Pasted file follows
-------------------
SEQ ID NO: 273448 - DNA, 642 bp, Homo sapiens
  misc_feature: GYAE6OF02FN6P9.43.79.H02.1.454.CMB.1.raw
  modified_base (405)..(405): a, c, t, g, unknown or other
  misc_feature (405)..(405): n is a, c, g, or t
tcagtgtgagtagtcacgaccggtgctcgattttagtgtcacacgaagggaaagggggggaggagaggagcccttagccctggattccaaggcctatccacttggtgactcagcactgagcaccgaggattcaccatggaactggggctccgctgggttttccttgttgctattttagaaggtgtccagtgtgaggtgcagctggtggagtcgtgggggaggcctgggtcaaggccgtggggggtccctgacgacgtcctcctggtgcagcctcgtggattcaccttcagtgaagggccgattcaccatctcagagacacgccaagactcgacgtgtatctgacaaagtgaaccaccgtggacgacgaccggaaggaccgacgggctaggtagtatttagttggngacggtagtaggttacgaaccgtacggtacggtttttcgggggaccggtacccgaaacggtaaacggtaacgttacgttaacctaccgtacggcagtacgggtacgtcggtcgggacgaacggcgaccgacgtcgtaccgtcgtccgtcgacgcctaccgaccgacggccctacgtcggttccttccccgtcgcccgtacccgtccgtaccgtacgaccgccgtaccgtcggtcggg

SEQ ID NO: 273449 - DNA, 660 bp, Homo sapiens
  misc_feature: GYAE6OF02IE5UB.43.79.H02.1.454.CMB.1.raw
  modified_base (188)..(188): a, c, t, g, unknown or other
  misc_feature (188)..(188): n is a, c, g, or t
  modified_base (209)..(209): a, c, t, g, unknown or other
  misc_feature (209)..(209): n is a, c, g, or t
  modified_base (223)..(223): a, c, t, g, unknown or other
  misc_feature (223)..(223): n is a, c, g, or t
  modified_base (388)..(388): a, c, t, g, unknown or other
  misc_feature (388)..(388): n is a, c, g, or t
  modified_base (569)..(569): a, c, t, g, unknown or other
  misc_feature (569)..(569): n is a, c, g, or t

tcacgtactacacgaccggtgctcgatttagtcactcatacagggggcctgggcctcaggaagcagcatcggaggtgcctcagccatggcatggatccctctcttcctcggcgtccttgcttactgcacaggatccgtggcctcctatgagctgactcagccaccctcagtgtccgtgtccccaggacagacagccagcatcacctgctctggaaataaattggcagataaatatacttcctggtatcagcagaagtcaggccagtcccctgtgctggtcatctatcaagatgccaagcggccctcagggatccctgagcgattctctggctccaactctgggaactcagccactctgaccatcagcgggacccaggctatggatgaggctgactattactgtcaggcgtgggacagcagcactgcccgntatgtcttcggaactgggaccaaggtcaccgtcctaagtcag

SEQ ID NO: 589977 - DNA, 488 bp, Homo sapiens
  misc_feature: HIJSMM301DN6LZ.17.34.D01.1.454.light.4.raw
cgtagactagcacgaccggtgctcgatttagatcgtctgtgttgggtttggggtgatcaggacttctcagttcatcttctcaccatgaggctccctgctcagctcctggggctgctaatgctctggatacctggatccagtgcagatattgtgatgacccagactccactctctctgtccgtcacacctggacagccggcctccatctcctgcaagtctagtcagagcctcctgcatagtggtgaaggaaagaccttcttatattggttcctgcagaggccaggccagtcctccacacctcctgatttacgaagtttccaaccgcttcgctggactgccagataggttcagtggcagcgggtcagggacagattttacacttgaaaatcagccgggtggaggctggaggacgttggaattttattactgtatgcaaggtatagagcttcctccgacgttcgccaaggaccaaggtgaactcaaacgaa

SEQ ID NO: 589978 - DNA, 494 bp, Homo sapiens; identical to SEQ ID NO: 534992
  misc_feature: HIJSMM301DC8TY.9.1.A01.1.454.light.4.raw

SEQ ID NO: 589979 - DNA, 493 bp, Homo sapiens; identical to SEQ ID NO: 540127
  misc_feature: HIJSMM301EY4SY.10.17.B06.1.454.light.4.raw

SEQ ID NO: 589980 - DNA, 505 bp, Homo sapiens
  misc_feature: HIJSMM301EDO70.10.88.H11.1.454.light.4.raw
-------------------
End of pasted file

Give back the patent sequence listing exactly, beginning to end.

SEQ ID NO: 273448 - DNA, 642 bp, Homo sapiens
  misc_feature: GYAE6OF02FN6P9.43.79.H02.1.454.CMB.1.raw
  modified_base (405)..(405): a, c, t, g, unknown or other
  misc_feature (405)..(405): n is a, c, g, or t
tcagtgtgagtagtcacgaccggtgctcgattttagtgtcacacgaagggaaagggggggaggagaggagcccttagccctggattccaaggcctatccacttggtgactcagcactgagcaccgaggattcaccatggaactggggctccgctgggttttccttgttgctattttagaaggtgtccagtgtgaggtgcagctggtggagtcgtgggggaggcctgggtcaaggccgtggggggtccctgacgacgtcctcctggtgcagcctcgtggattcaccttcagtgaagggccgattcaccatctcagagacacgccaagactcgacgtgtatctgacaaagtgaaccaccgtggacgacgaccggaaggaccgacgggctaggtagtatttagttggngacggtagtaggttacgaaccgtacggtacggtttttcgggggaccggtacccgaaacggtaaacggtaacgttacgttaacctaccgtacggcagtacgggtacgtcggtcgggacgaacggcgaccgacgtcgtaccgtcgtccgtcgacgcctaccgaccgacggccctacgtcggttccttccccgtcgcccgtacccgtccgtaccgtacgaccgccgtaccgtcggtcggg

SEQ ID NO: 273449 - DNA, 660 bp, Homo sapiens
  misc_feature: GYAE6OF02IE5UB.43.79.H02.1.454.CMB.1.raw
  modified_base (188)..(188): a, c, t, g, unknown or other
  misc_feature (188)..(188): n is a, c, g, or t
  modified_base (209)..(209): a, c, t, g, unknown or other
  misc_feature (209)..(209): n is a, c, g, or t
  modified_base (223)..(223): a, c, t, g, unknown or other
  misc_feature (223)..(223): n is a, c, g, or t
  modified_base (388)..(388): a, c, t, g, unknown or other
  misc_feature (388)..(388): n is a, c, g, or t
  modified_base (569)..(569): a, c, t, g, unknown or other
  misc_feature (569)..(569): n is a, c, g, or t

tcacgtactacacgaccggtgctcgatttagtcactcatacagggggcctgggcctcaggaagcagcatcggaggtgcctcagccatggcatggatccctctcttcctcggcgtccttgcttactgcacaggatccgtggcctcctatgagctgactcagccaccctcagtgtccgtgtccccaggacagacagccagcatcacctgctctggaaataaattggcagataaatatacttcctggtatcagcagaagtcaggccagtcccctgtgctggtcatctatcaagatgccaagcggccctcagggatccctgagcgattctctggctccaactctgggaactcagccactctgaccatcagcgggacccaggctatggatgaggctgactattactgtcaggcgtgggacagcagcactgcccgntatgtcttcggaactgggaccaaggtcaccgtcctaagtcag

SEQ ID NO: 589977 - DNA, 488 bp, Homo sapiens
  misc_feature: HIJSMM301DN6LZ.17.34.D01.1.454.light.4.raw
cgtagactagcacgaccggtgctcgatttagatcgtctgtgttgggtttggggtgatcaggacttctcagttcatcttctcaccatgaggctccctgctcagctcctggggctgctaatgctctggatacctggatccagtgcagatattgtgatgacccagactccactctctctgtccgtcacacctggacagccggcctccatctcctgcaagtctagtcagagcctcctgcatagtggtgaaggaaagaccttcttatattggttcctgcagaggccaggccagtcctccacacctcctgatttacgaagtttccaaccgcttcgctggactgccagataggttcagtggcagcgggtcagggacagattttacacttgaaaatcagccgggtggaggctggaggacgttggaattttattactgtatgcaaggtatagagcttcctccgacgttcgccaaggaccaaggtgaactcaaacgaa

SEQ ID NO: 589978 - DNA, 494 bp, Homo sapiens; identical to SEQ ID NO: 534992
  misc_feature: HIJSMM301DC8TY.9.1.A01.1.454.light.4.raw

SEQ ID NO: 589979 - DNA, 493 bp, Homo sapiens; identical to SEQ ID NO: 540127
  misc_feature: HIJSMM301EY4SY.10.17.B06.1.454.light.4.raw

SEQ ID NO: 589980 - DNA, 505 bp, Homo sapiens
  misc_feature: HIJSMM301EDO70.10.88.H11.1.454.light.4.raw